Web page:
PETALING JAYA: The Malaysian Trades Union Congress (MTUC) has lauded the new Employment Insurance System (EIS), saying that it is timely.
In welcoming the good news, MTUC president Abdul Halim Mansor pointed out the EIS would protect workers who could lose their jobs due to uncertain economic conditions and with increased automation by many industries.
However, Abdul Halim said MTUC wanted the rate of contribution for the scheme to be increased to better protect workers who lost their jobs.
“We must not ignore the fact that retrenched workers still have bills to pay and families to feed,” he said.
He urged the Government to speed up implementation of the EIS, pointing out that many countries have it and that MTUC was disheartened by objections from local bosses.
“They are not thinking about the welfare of workers and their social responsibility,” said Abdul Halim.
Based on statistics from the Labour Department, he claimed that an average of RM65mil in retrenchment compensation went unpaid by employers between 2007 and 2016.
“Close to 100,000 workers were deprived of termination benefits and this made a mockery of our laws,” he said, referring to court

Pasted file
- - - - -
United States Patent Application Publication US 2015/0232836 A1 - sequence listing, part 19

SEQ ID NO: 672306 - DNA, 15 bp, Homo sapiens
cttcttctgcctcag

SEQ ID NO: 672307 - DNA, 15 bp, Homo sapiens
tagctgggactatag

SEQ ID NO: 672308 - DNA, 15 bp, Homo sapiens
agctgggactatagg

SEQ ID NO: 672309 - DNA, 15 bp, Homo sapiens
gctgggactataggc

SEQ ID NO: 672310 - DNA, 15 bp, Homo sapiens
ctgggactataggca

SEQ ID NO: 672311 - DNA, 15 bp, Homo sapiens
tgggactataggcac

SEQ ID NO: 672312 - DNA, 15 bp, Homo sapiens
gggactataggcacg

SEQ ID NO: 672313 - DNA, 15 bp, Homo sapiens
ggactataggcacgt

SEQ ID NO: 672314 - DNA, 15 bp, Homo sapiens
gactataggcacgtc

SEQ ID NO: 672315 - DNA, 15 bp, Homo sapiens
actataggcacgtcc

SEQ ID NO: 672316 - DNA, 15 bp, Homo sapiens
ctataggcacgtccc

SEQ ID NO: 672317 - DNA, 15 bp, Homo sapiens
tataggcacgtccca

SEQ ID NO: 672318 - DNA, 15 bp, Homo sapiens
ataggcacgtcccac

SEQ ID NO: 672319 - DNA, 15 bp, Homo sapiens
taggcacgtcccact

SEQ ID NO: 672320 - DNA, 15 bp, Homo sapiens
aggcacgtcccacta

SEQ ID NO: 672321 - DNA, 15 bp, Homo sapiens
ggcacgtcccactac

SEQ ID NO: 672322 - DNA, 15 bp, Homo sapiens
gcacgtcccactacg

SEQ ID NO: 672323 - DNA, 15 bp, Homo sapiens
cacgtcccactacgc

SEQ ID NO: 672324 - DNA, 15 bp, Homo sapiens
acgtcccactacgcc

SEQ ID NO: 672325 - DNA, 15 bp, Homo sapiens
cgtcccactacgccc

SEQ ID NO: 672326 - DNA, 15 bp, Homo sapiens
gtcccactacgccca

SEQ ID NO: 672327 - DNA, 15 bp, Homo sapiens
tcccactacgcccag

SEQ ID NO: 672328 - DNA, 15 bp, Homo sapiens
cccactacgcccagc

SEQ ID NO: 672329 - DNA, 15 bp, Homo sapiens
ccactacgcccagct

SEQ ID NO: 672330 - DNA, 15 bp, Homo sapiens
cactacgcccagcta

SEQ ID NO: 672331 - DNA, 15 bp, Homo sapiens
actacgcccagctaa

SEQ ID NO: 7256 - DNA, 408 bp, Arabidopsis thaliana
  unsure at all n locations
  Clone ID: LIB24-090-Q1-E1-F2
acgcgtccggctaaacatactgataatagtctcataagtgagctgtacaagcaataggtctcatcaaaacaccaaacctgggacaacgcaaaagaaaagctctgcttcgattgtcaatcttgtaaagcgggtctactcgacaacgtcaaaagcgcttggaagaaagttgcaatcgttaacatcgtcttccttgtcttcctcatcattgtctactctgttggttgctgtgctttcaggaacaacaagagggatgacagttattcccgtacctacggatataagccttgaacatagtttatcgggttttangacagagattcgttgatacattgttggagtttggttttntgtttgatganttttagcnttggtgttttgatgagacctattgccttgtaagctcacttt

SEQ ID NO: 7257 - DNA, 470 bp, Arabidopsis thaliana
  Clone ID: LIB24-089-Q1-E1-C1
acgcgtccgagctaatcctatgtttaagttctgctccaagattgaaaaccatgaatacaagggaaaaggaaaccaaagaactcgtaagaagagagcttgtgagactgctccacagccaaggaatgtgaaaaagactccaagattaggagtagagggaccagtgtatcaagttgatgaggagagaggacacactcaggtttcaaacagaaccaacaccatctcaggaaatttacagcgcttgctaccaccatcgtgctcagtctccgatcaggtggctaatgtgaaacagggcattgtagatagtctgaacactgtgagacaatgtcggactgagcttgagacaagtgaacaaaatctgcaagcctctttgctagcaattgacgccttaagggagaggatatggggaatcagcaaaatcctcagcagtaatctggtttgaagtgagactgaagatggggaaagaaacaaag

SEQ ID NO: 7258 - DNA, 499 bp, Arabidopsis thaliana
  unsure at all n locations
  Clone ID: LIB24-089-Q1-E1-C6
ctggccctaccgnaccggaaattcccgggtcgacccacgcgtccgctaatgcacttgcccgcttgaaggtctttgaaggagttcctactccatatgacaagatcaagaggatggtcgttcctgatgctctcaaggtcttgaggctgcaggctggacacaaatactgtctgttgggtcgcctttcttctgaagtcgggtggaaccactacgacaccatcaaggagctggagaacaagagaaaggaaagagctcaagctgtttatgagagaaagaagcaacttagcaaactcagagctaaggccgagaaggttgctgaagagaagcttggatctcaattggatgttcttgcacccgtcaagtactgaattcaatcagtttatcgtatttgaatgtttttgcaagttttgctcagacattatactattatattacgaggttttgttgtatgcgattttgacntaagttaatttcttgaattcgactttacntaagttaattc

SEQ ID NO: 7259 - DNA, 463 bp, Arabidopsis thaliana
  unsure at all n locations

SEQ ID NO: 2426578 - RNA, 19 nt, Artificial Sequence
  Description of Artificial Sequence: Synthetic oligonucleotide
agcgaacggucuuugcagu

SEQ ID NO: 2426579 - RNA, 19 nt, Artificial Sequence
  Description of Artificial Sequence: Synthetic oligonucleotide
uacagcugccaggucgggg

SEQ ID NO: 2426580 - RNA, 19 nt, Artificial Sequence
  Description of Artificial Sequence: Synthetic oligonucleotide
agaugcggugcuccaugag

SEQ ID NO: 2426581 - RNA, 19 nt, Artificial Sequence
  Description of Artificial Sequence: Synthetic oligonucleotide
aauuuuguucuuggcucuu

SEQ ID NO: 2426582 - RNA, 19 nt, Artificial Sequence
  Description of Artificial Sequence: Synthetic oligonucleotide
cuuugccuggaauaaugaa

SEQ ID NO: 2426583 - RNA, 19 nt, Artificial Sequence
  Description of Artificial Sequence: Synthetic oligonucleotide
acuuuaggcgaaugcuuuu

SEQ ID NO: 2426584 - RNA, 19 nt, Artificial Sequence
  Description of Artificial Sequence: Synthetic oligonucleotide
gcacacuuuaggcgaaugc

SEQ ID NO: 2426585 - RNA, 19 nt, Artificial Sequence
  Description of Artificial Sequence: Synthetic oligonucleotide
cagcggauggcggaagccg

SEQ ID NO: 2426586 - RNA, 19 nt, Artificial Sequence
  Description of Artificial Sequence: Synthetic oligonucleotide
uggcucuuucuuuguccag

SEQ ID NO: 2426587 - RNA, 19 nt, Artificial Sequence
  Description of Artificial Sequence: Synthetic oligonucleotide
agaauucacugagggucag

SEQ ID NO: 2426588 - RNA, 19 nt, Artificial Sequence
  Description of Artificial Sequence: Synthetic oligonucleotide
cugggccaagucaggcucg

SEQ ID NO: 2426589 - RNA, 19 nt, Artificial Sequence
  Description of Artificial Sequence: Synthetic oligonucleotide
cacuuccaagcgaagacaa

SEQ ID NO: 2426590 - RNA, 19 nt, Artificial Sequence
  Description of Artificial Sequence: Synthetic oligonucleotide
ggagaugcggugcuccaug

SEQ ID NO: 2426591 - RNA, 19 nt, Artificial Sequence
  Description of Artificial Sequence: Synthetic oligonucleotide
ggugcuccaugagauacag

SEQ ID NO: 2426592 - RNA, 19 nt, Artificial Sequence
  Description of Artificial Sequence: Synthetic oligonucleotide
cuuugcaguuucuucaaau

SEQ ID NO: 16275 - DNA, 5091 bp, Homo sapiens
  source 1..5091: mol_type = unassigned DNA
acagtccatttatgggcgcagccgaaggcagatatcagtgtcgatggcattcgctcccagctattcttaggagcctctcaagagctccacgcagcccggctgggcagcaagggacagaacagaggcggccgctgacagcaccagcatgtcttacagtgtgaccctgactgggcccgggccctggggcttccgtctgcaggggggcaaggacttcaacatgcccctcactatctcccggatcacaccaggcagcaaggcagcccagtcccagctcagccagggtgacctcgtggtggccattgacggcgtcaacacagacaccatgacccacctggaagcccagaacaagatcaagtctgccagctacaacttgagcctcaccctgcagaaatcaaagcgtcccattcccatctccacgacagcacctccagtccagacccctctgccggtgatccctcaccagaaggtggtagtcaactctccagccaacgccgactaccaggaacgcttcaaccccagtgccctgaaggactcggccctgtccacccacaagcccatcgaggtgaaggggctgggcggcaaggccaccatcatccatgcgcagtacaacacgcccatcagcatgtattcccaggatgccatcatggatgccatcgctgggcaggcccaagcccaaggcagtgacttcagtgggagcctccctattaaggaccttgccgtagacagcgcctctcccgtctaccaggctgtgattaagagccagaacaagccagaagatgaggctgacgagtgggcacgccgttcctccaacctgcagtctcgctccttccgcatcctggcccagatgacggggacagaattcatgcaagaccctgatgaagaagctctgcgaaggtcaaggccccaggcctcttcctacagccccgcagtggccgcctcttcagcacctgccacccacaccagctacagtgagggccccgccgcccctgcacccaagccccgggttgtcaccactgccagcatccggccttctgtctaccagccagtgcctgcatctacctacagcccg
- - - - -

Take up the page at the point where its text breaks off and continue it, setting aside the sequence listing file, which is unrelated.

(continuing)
rulings that required employers’ companies be wound up if they were unable to pay compensation.
Earlier yesterday, representatives from at least 90 industry and trade-based organisations voiced concerns over the EIS.
Malaysian Employers Federation executive director Datuk Shamsuddin Bardan said EIS was not practical as the retrenchment rate was less than 1% over the past two years.
“We are talking about the whole workforce contributing to a large pool which will be used to serve a minimal number of people,” he said.
Based on briefings with the Government, he said, both the employers and employees were required to contribute 0.25% of the employees’ salaries to a fund managed by Socso (Social Security Organisation).
The money, he said, would be used to help those retrenched but did not receive their termination benefits.
This group would be paid half of their last salary until they find a job or for up to six months, added Shamsuddin.
Shamsuddin said an estimated RM1.142bil is expected to be collected by EIS annually based on 6.8 million people in the private sector.
He said lay-off and retrenchment benefits under collective agreements were good enough to protect the employees.
Instead, he proposed for employers who do not pay retrenchment benefits to be charged in court.
Also present during the press conference were the Associated Chinese Chambers of Commerce and Industry of Malaysia, SME Association Malaysia, Malaysian Plastics Manufacturers Association, Malaysian Textile Manufacturers Association, Malaysian Associated Indian Chambers of Commerce and Industry, Federation of Malaysian Manufacturers and Malaysia Shopping Malls Association.
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